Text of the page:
Eleven Questions to Answer (your choice from the eighteen provided)

  1. If you could remove one thing or idea from our world, what would it be and why?
  2. Where do you hope to be professionally in ten, twenty years and are you currently progressing toward that stage?
  3. What is one of the more significant trends in pedagogy right now and how do you foresee it progressing in the future?
  4. What is a favorite quote of yours and can you please share your interpretation of it and why it is a favorite?
  5. You are presented the opportunity to spend a full day doing whatever you want with any three people in the world. Who are the three people and what is the itinerary?
  6. Is there evil in the human condition, in this world? Please explain.
  7. You can have any super power you want. What power and why?
  8. Do you choose an iPhone, Android, Windows, Blackberry, or old-school Nokia cellular phone and why?
  9. What is the next item on your bucket list you aim to achieve?
  10. Which came first, the chicken or the egg? How?
  11. Children are… (complete the sentence or paragraph).
  12. If you had to eat one meal every day for the rest of your life, what would it be?
  13. What is your favorite game/sport to play? When did you discover it?
  14. Desert island playlist or music (limit 10 pieces). Books (limit 10)?
  15. What is the scariest thing you’ve ever done? The result?
  16. What is the biggest risk you’ve ever taken in your life? How did it work out?
  17. What teacher had the biggest impact on your life? How did they impact you? Does this teacher know the impact they had on you?
  18. What is your proudest moment as an educator?

Eleven educators to carry on

 

@dogtrax

@grammasheri

@luhoka

@BarMill

@kd0602

@cybraryman1

@deannamascle

@Robinwave

@ElyseEA

@cindyloumac

@fieldpeaz

 

12 Comments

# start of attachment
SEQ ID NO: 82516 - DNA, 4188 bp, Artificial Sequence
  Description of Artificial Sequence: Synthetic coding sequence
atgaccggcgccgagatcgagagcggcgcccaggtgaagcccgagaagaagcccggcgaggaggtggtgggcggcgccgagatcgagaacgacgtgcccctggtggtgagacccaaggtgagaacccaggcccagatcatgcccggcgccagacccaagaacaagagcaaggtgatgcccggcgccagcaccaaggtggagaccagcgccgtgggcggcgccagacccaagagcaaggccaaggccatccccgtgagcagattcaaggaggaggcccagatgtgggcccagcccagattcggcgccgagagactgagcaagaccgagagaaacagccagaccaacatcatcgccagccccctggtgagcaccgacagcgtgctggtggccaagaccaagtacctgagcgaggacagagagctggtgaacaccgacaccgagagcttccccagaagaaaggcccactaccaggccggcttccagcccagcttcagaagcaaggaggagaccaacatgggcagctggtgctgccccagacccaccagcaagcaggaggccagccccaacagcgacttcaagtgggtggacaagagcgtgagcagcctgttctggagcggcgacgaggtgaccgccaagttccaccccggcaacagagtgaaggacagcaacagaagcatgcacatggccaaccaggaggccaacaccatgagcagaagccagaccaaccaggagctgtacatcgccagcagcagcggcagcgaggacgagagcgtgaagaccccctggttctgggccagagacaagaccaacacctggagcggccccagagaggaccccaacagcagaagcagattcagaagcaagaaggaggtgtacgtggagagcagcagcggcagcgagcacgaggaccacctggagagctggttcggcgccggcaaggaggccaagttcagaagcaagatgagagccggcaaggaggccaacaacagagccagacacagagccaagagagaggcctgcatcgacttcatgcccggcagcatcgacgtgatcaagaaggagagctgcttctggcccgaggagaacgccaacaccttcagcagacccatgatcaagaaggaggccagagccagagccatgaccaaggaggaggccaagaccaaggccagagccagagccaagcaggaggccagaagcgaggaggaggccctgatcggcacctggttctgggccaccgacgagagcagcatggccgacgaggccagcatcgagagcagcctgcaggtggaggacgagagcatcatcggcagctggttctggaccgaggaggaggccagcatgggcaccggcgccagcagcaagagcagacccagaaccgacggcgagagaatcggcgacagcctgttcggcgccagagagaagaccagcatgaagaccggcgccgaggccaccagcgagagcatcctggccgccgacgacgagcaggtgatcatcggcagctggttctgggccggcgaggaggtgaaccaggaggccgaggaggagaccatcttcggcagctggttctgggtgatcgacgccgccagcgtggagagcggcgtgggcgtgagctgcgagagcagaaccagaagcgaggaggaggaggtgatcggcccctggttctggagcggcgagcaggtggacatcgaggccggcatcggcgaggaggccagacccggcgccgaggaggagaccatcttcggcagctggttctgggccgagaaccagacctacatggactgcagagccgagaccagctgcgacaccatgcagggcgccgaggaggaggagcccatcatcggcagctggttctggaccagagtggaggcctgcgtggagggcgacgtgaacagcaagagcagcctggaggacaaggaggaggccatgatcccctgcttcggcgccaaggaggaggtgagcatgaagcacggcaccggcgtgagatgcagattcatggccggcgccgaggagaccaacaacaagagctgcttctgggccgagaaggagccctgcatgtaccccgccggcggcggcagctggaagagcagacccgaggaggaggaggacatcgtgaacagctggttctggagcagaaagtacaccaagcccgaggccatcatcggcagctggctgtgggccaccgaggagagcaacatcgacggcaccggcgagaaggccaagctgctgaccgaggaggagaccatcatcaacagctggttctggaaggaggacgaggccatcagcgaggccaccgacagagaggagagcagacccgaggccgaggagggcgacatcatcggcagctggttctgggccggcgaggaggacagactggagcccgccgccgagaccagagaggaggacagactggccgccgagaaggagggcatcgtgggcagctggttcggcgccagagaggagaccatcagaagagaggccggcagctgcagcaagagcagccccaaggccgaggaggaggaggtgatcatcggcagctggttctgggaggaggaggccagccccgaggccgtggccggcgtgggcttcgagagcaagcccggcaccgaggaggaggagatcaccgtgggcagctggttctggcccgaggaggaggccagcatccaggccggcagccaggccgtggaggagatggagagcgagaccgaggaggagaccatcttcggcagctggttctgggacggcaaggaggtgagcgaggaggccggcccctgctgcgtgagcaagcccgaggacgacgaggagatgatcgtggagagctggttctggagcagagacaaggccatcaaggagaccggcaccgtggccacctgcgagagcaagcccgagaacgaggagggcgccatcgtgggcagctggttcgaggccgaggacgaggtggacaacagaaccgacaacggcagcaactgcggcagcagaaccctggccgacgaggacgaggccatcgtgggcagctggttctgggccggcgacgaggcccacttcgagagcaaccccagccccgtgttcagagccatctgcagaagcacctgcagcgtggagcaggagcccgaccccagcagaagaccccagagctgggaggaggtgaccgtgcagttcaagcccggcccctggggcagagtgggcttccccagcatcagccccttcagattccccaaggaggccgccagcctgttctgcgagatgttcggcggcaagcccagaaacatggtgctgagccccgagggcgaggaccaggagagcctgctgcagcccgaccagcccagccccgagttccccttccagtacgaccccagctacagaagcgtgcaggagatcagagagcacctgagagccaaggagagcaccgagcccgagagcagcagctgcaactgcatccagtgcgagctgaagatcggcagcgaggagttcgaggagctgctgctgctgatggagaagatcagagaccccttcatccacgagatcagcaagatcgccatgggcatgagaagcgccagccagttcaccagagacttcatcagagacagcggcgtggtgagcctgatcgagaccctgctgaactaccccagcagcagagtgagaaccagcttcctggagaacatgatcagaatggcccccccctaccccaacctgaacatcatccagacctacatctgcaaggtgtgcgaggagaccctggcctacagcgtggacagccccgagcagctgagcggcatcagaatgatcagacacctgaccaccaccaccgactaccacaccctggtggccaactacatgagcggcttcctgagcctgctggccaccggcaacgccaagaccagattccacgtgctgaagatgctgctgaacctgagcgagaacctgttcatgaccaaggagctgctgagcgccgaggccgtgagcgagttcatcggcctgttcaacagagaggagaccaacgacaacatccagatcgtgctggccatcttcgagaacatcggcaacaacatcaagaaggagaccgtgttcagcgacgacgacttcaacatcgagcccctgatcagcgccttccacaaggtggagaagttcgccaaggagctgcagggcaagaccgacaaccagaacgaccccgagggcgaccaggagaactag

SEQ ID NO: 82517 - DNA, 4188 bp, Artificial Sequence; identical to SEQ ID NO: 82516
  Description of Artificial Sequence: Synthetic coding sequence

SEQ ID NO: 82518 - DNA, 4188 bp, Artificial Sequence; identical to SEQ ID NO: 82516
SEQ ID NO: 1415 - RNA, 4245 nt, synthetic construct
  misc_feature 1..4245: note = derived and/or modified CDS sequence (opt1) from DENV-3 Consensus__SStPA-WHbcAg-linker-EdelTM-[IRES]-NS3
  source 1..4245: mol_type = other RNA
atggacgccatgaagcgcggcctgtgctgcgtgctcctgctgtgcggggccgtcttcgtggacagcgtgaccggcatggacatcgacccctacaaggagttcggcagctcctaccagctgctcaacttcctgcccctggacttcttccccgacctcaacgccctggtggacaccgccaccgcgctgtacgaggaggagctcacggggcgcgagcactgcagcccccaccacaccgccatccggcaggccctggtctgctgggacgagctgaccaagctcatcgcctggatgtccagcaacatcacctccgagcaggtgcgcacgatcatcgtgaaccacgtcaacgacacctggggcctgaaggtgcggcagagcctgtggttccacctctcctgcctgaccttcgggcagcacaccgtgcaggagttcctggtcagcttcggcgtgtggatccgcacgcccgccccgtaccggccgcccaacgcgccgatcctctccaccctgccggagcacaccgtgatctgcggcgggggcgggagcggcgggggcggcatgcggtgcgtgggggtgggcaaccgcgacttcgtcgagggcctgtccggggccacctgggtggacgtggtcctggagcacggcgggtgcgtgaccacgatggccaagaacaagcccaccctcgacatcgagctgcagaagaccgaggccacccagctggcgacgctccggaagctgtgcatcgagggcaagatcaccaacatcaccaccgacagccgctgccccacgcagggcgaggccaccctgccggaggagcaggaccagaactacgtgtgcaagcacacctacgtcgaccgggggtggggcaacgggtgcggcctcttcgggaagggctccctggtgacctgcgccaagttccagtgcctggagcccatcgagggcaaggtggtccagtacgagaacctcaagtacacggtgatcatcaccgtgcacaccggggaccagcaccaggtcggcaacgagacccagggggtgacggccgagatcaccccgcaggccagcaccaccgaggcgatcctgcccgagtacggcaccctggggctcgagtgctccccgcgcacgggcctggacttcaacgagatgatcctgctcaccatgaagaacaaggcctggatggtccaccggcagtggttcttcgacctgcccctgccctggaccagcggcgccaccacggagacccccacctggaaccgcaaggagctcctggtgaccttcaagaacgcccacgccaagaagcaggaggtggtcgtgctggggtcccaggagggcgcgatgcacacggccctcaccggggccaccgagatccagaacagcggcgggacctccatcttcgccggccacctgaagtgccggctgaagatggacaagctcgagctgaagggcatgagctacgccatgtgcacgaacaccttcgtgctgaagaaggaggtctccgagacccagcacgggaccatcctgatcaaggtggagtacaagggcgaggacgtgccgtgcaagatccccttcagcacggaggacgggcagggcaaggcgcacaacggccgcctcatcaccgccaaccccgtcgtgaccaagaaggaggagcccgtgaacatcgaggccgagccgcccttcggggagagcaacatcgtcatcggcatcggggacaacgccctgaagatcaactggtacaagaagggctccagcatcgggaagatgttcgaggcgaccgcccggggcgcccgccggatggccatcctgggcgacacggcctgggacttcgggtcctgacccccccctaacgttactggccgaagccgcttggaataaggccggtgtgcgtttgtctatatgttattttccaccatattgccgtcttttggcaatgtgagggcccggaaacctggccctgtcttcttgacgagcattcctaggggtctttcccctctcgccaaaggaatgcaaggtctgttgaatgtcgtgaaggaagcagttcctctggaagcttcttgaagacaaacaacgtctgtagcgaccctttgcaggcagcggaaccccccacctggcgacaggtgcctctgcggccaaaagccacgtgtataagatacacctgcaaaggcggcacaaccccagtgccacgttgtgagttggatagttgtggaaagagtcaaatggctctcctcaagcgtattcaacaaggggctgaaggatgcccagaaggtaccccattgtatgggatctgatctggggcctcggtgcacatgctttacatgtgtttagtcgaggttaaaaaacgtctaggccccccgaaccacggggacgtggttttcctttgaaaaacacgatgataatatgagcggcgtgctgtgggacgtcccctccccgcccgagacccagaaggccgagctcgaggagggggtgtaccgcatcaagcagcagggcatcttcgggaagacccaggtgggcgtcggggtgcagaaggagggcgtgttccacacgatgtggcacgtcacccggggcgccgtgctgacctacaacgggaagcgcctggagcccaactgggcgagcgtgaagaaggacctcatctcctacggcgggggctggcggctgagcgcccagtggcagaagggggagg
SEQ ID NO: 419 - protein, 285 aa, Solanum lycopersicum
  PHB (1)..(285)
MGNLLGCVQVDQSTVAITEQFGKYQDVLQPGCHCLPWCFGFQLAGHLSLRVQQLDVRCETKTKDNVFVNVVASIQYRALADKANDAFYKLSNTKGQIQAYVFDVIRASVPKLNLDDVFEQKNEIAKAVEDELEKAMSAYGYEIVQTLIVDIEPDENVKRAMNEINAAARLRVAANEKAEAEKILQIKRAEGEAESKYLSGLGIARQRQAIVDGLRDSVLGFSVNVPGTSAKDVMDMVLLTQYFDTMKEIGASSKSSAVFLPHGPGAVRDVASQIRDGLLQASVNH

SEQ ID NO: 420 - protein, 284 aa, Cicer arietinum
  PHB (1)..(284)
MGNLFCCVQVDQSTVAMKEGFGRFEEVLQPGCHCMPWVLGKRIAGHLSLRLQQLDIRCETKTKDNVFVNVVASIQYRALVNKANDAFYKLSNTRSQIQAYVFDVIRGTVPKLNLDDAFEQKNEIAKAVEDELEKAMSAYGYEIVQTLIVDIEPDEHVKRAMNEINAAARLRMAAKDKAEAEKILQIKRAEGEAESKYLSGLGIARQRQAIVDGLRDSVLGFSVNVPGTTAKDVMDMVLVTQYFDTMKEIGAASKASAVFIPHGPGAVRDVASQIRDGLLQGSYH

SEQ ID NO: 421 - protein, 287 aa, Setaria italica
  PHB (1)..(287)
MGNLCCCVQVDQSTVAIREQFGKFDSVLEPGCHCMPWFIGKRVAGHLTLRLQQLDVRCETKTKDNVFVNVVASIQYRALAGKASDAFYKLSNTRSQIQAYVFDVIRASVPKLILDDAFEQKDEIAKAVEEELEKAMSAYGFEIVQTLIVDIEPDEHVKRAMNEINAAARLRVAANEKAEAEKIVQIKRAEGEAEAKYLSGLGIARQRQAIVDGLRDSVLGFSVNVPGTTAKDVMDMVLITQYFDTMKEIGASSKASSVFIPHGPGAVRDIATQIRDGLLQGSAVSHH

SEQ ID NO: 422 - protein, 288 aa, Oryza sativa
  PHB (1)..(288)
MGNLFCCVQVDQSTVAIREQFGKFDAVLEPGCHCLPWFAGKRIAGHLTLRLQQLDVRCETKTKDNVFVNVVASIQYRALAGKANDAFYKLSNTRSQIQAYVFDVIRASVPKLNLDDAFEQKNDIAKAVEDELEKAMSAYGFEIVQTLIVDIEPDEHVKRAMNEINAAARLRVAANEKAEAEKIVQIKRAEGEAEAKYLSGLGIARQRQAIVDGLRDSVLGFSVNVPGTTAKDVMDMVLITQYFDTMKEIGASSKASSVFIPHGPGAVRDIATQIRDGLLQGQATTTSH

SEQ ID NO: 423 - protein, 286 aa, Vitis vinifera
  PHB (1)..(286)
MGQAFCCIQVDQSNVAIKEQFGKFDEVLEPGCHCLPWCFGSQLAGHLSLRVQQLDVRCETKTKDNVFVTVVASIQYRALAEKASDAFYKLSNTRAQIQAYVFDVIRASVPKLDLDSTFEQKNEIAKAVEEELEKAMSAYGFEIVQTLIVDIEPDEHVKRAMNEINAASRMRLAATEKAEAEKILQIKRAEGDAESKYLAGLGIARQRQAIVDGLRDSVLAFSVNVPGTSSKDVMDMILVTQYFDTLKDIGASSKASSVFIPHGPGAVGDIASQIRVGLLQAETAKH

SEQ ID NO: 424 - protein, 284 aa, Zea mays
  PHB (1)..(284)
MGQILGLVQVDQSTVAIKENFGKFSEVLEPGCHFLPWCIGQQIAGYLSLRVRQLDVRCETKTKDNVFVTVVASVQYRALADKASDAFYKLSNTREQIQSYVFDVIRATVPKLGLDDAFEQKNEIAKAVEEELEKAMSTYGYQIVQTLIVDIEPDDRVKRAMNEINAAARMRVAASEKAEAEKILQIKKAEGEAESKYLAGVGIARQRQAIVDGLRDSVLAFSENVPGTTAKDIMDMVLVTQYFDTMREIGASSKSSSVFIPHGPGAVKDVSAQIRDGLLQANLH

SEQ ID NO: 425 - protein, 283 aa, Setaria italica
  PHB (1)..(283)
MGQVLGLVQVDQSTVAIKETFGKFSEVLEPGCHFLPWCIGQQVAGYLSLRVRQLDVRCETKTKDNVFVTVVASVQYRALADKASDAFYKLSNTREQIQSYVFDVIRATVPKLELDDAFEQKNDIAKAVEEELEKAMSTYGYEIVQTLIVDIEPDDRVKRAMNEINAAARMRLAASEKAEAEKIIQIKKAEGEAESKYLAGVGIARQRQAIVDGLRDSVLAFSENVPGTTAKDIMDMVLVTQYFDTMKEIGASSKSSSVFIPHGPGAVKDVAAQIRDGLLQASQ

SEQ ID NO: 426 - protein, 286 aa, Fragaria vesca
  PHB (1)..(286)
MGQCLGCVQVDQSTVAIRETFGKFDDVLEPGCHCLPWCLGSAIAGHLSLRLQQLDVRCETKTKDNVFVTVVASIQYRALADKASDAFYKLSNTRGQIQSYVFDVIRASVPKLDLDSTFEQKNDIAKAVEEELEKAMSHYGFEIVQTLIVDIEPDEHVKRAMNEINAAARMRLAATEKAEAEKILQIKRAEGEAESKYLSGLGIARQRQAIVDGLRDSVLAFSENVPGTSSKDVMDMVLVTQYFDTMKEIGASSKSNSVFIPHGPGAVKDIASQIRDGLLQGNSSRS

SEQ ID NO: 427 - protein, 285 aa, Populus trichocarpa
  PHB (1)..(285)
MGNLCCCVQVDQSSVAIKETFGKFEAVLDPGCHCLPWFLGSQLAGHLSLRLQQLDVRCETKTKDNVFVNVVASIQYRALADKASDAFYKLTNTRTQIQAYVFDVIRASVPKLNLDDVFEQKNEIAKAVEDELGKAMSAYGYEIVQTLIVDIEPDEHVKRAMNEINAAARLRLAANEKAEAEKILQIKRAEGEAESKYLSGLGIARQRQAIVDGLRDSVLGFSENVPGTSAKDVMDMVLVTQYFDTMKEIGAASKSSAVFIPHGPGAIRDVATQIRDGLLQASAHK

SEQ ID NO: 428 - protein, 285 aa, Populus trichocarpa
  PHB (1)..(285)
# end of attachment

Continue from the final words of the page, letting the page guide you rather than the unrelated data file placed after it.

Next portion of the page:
1. // Reply

    Loved readying your responses Terry (as usual)! It’s going to take me some time, but I’m going to simmer on this and get back to you:-)


    1. // Reply

      No worries, Luke. Glad you read it. Hope to hear more from you. All is well I trust at the NWP.


  2. // Reply

    Amazing, Terry. This was a lovely read– particularly the bits about hard physical labor, the joys of nailing it, and the belief in young people as born learners. Thanks for always helping me to see and understand the obvious. I’ll respond before long.


  3. // Reply

    I love the elevenses theme, it’s such an interesting number. Your answers are full of the richness of a life lived close to the land. Only wish I had the time to indulge myself in accepting the curse…
    Perhaps sometime over the next few weeks.

    And thanks for becoming a Twitter friend.

    Warmly, Fred


    1. // Reply

      I love prime numbers, too, Fred. So grateful for your response and as for accepting the curse, maybe you could do it in stages or do a mini version. Or not. Life is short. Thanks for dropping by on my new blog. Doing any cMOOCs for 2014? I am doing #dlmooc along with Karen Fasimpaur. You come, too.


  4. // Reply

    I loved reading this again. We are all so hopeful yet know that life includes some fallen trees blocking our path.

    As a read again and considered things today, I wondered about the ideas here of “auto-didactic,” I now wonder about all those who so easily believe misinformation.

    In your “unschooling,” still you as parent were there guiding and talking and learning with your children.

    What of those with no one willing [or able, due to their circumstances] to do so?

    Yet, is it the culture of searching to understand, of searching further, of thinking, “What? Really?” Not everyone thinks that way; I know that now.


    1. // Reply

      Thanks for reminding me to look backwards.


    2. // Reply

      Walking backwards to find this again … Sheri is holding my hand .. did I find it the first time? I must have, right?
      Kevin


      1. // Reply

        This is one of those ‘riffs’ I was talking about. Maybe what one could do is take Hypothes.is and grab annotations from lots of places and bring them together like you did for Anna’s post.